Successful management of traumatic ankle fractures in the increasingly prevalent diabetic population is tenuous.1 The surgical demands one encounters with typical fracture repairs are compounded by the dynamic needs of this widely varied population of individuals with diabetes. The pathophysiology that has eroded the innate healing capacity of the limb is suddenly revealed and corrective attempts can fall short of the acute need. However, successful outcomes with functional return to activity are achievable.
Risk assessment is an appropriate first step. Initial stratification should be based on the severity of the patient’s systemic disease process. Patients with uncomplicated diabetes, those without end-stage organ disease and a HbA1c less than 6.5 mg/dl demonstrate improved outcomes regardless of whether they had surgical intervention for an ankle fracture in comparison to the remaining population of patients with diabetes.2,3
For patients with complicated diabetes, the risk of any complication is 3.8 times that of the group with uncomplicated diabetes.2 There are many reasons for this. Hardware failure and periprosthetic fractures may occur when renal derangement results in subsequent osteoporosis and poor bone healing. Infection can occur in part due to chronic immunosuppression and incisions can break down from macro- and microangiopathy. Peripheral neuropathy creates further risk. With 10 percent of those with diabetes already having some form of peripheral neuropathy and 40 percent being diagnosed within a decade of learning of their diabetes, there should be a low threshold for early Charcot recognition and joint collapse prevention.4
In the past, the threat of increased local complications in this complicated cohort understandably swayed surgeons toward conservative, non-operative management regardless of the fracture pattern. This approach remains appropriate in those with stable, well-reduced unimalleolar fractures. Emerging research, however, favors aggressive intervention and repair of those fractures that display gross instability.5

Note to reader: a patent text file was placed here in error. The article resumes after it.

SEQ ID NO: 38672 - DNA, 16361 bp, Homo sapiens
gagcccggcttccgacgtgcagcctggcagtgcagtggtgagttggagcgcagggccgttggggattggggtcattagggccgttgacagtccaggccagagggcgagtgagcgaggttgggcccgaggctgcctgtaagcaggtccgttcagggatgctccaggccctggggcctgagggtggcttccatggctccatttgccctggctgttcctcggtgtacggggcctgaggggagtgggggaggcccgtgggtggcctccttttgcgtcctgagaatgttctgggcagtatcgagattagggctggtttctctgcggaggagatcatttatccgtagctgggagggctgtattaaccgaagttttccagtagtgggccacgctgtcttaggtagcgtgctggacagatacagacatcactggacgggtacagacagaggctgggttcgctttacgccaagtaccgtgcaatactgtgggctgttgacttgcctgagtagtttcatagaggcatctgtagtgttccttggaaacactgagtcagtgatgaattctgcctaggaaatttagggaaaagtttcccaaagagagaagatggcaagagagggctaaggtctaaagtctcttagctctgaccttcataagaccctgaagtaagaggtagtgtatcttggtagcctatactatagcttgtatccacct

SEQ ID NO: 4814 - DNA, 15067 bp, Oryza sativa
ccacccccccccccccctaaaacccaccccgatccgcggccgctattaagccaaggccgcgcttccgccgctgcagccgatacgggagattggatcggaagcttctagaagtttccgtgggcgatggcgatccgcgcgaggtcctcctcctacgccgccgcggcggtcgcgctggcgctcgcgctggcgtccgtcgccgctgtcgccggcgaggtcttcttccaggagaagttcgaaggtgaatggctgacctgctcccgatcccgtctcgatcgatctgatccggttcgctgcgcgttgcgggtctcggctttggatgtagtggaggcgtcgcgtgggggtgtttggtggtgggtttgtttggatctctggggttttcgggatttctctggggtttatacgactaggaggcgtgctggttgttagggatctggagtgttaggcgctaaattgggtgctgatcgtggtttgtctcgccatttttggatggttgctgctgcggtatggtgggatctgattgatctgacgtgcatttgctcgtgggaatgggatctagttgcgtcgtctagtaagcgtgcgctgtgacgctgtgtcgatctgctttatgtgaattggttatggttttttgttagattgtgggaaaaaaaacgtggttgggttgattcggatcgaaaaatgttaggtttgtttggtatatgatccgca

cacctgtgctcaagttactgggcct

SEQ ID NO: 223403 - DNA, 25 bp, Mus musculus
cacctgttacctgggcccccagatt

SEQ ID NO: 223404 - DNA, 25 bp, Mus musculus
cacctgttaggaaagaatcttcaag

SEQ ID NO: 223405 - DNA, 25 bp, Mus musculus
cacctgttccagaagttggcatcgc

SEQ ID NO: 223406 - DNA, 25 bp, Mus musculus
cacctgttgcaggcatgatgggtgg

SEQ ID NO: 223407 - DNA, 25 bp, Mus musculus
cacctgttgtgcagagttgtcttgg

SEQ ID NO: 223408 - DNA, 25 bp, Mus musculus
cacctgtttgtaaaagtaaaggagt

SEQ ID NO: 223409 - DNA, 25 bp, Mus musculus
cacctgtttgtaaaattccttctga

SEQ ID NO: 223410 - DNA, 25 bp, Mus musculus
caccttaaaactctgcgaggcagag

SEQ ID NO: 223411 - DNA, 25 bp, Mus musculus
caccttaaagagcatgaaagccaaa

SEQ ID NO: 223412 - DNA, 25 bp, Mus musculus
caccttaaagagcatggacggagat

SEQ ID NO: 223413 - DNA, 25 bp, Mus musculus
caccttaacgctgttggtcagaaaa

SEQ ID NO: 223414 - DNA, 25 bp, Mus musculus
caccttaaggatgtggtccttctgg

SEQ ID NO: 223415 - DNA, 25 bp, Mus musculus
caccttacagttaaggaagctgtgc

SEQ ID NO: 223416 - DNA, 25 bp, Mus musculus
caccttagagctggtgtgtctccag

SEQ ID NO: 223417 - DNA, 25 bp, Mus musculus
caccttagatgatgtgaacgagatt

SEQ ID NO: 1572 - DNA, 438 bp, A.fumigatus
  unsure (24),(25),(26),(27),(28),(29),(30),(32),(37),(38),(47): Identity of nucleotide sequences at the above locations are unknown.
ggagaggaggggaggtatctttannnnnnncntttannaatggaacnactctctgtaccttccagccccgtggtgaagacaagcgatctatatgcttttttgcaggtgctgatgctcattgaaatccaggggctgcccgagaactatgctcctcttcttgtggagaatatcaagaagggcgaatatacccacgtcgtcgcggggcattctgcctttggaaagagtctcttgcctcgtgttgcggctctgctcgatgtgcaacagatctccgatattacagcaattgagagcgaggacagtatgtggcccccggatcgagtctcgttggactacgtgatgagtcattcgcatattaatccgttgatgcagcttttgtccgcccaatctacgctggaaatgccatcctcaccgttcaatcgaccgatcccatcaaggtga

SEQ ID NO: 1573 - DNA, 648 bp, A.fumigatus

With this in mind, there should be a low threshold for advanced imaging. Kumar and colleagues found a 23.2 percent change in operative plan following CT evaluation of a fracture pattern.6 While CT evaluation of fracture patterns may not be routinely warranted in a healthy patient, for the patient with diabetes, more liberal use of such imaging may be justifiable.
The timing of intervention is also subject to debate. In 2001, Bibbo and colleagues suggested a standard 10- to 14-day waiting period and maintaining the diabetic ankle fracture with initial closed reduction and splinting before attempting an open approach for repair.7 Wukich, Kline and colleagues suggested following the staged protocol for pilon fracture management as an appropriate method for determining delay, but additionally noted higher complication rates with the use of temporizing external fixation in patients with diabetes.2,8
Assessing Fixation Options In A Difficult Patient Population
Despite the high complication rate, maintaining anatomic reduction with robust internal fixation in both primary and revision procedures is critical to achieving successful outcomes in patients with diabetic ankle fractures. One should accomplish this through standard AO principles with augmentation to improve construct stability and reduce soft tissue insult. Generally, increased screw and plate caliber, utility of solid over cannulated fixtion, and implementation of locking plate technology will improve fixation strength.
Surgeons have also employed situation-specific constructs. The following are examples of these options in the management of diabetic ankle fractures.
Repair of fractures of the lateral malleolus is specifically at risk for incision complications. This is especially true with a direct lateral approach that violates the center of the peroneal artery angiosome.9 Prominent hardware placing additional tension on the closure can induce further peri-incisional ischemia. Surgeons may avoid this insult by using a posterior approach with a no-touch technique to the anterior flap. One can apply a posterior anti-glide plate from this approach with ease and researchers have demonstrated this is a superior construct to standard lateral plating options.10
Synostosis of the distal tibiofibular articulation was first suggested in 1995 as a fixation reinforcement for osteoporotic fractures.11 It has since become a popular construct for repair of diabetic ankle fractures. The technique termed “fibula-pro-tibia” uses multiple tetracortical, transsyndesmotic screws that the surgeon passes medially through a lateral fibular plate. This rigid superconstruct is protective against hardware failure and may be prophylactic against progression to an acute Charcot event.12 Furthermore, this superconstruct maintains the tibiofibular relationship. Some have advocated for percutaneous placement of dual transarticular, tibiotalocalcaneal (TTC) Steinman pins through the heel to further reinforce a standard repair but this has shown mixed results.13
Could Less Invasive Approaches To Fixation Have An Impact?
There are times when traditional ORIF may not be appropriate at all and yet there is a need for surgical intervention. This is true in cases when the soft tissue envelope or the patient’s systemic health are poor, and leave the patient at high risk for complications. In these cases, one may consider options for minimally-invasive or semi-open procedures.